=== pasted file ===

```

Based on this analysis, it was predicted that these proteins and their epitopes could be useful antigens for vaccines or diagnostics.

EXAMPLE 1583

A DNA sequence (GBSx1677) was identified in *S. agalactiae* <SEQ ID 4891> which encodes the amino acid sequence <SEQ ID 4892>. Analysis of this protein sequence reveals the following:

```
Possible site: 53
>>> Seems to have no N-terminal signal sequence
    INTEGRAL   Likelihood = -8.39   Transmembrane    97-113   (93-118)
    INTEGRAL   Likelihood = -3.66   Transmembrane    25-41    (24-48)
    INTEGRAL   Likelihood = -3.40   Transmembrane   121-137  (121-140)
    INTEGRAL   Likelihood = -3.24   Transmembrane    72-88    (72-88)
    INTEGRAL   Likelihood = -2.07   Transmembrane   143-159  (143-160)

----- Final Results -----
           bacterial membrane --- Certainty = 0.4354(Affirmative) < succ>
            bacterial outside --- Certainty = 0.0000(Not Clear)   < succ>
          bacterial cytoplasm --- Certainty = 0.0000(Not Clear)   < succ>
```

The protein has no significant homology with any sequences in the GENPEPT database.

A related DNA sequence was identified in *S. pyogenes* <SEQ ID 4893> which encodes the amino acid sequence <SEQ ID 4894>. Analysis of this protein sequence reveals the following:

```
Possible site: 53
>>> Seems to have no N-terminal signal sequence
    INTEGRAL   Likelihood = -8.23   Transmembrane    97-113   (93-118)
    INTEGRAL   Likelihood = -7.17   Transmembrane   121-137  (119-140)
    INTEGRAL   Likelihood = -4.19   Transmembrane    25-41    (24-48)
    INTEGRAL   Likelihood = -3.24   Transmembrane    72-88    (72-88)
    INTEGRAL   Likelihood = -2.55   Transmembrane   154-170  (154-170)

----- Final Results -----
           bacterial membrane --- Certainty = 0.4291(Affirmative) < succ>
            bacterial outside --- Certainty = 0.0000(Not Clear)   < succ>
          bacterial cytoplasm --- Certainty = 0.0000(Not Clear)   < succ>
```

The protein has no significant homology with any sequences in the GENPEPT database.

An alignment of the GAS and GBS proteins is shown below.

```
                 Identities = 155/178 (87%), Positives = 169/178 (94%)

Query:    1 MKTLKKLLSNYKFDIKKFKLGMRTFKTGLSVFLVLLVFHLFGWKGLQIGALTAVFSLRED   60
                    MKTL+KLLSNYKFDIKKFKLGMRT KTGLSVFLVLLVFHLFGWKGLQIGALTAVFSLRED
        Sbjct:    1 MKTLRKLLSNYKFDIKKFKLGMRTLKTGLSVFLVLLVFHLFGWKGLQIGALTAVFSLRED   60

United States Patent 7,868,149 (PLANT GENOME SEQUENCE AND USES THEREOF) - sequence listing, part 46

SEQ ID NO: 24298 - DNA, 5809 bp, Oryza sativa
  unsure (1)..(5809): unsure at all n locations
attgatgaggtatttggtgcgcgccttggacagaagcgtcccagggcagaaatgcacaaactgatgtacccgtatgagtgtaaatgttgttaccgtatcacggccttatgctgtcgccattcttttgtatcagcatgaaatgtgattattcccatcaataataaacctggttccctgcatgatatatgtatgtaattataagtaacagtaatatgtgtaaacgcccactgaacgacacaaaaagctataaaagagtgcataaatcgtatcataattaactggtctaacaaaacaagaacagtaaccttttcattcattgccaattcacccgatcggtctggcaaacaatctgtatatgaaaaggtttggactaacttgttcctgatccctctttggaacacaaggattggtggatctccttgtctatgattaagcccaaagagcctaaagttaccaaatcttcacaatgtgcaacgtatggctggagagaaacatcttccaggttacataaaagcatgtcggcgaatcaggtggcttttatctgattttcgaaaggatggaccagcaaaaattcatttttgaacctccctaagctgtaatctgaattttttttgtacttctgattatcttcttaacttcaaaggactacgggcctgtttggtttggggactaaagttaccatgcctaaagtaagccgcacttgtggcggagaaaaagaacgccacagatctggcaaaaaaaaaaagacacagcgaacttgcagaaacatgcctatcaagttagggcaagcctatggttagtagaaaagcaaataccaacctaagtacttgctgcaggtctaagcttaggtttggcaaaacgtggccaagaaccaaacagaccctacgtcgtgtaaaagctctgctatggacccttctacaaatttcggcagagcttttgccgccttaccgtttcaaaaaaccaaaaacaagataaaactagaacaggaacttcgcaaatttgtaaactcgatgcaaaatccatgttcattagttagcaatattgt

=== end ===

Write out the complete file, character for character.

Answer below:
```

Based on this analysis, it was predicted that these proteins and their epitopes could be useful antigens for vaccines or diagnostics.

EXAMPLE 1583

A DNA sequence (GBSx1677) was identified in *S. agalactiae* <SEQ ID 4891> which encodes the amino acid sequence <SEQ ID 4892>. Analysis of this protein sequence reveals the following:

```
Possible site: 53
>>> Seems to have no N-terminal signal sequence
    INTEGRAL   Likelihood = -8.39   Transmembrane    97-113   (93-118)
    INTEGRAL   Likelihood = -3.66   Transmembrane    25-41    (24-48)
    INTEGRAL   Likelihood = -3.40   Transmembrane   121-137  (121-140)
    INTEGRAL   Likelihood = -3.24   Transmembrane    72-88    (72-88)
    INTEGRAL   Likelihood = -2.07   Transmembrane   143-159  (143-160)

----- Final Results -----
           bacterial membrane --- Certainty = 0.4354(Affirmative) < succ>
            bacterial outside --- Certainty = 0.0000(Not Clear)   < succ>
          bacterial cytoplasm --- Certainty = 0.0000(Not Clear)   < succ>
```

The protein has no significant homology with any sequences in the GENPEPT database.

A related DNA sequence was identified in *S. pyogenes* <SEQ ID 4893> which encodes the amino acid sequence <SEQ ID 4894>. Analysis of this protein sequence reveals the following:

```
Possible site: 53
>>> Seems to have no N-terminal signal sequence
    INTEGRAL   Likelihood = -8.23   Transmembrane    97-113   (93-118)
    INTEGRAL   Likelihood = -7.17   Transmembrane   121-137  (119-140)
    INTEGRAL   Likelihood = -4.19   Transmembrane    25-41    (24-48)
    INTEGRAL   Likelihood = -3.24   Transmembrane    72-88    (72-88)
    INTEGRAL   Likelihood = -2.55   Transmembrane   154-170  (154-170)

----- Final Results -----
           bacterial membrane --- Certainty = 0.4291(Affirmative) < succ>
            bacterial outside --- Certainty = 0.0000(Not Clear)   < succ>
          bacterial cytoplasm --- Certainty = 0.0000(Not Clear)   < succ>
```

The protein has no significant homology with any sequences in the GENPEPT database.

An alignment of the GAS and GBS proteins is shown below.

```
                 Identities = 155/178 (87%), Positives = 169/178 (94%)

Query:    1 MKTLKKLLSNYKFDIKKFKLGMRTFKTGLSVFLVLLVFHLFGWKGLQIGALTAVFSLRED   60
                    MKTL+KLLSNYKFDIKKFKLGMRT KTGLSVFLVLLVFHLFGWKGLQIGALTAVFSLRED
        Sbjct:    1 MKTLRKLLSNYKFDIKKFKLGMRTLKTGLSVFLVLLVFHLFGWKGLQIGALTAVFSLRED   60

United States Patent 7,868,149 (PLANT GENOME SEQUENCE AND USES THEREOF) - sequence listing, part 46

SEQ ID NO: 24298 - DNA, 5809 bp, Oryza sativa
  unsure (1)..(5809): unsure at all n locations
attgatgaggtatttggtgcgcgccttggacagaagcgtcccagggcagaaatgcacaaactgatgtacccgtatgagtgtaaatgttgttaccgtatcacggccttatgctgtcgccattcttttgtatcagcatgaaatgtgattattcccatcaataataaacctggttccctgcatgatatatgtatgtaattataagtaacagtaatatgtgtaaacgcccactgaacgacacaaaaagctataaaagagtgcataaatcgtatcataattaactggtctaacaaaacaagaacagtaaccttttcattcattgccaattcacccgatcggtctggcaaacaatctgtatatgaaaaggtttggactaacttgttcctgatccctctttggaacacaaggattggtggatctccttgtctatgattaagcccaaagagcctaaagttaccaaatcttcacaatgtgcaacgtatggctggagagaaacatcttccaggttacataaaagcatgtcggcgaatcaggtggcttttatctgattttcgaaaggatggaccagcaaaaattcatttttgaacctccctaagctgtaatctgaattttttttgtacttctgattatcttcttaacttcaaaggactacgggcctgtttggtttggggactaaagttaccatgcctaaagtaagccgcacttgtggcggagaaaaagaacgccacagatctggcaaaaaaaaaaagacacagcgaacttgcagaaacatgcctatcaagttagggcaagcctatggttagtagaaaagcaaataccaacctaagtacttgctgcaggtctaagcttaggtttggcaaaacgtggccaagaaccaaacagaccctacgtcgtgtaaaagctctgctatggacccttctacaaatttcggcagagcttttgccgccttaccgtttcaaaaaaccaaaaacaagataaaactagaacaggaacttcgcaaatttgtaaactcgatgcaaaatccatgttcattagttagcaatattgt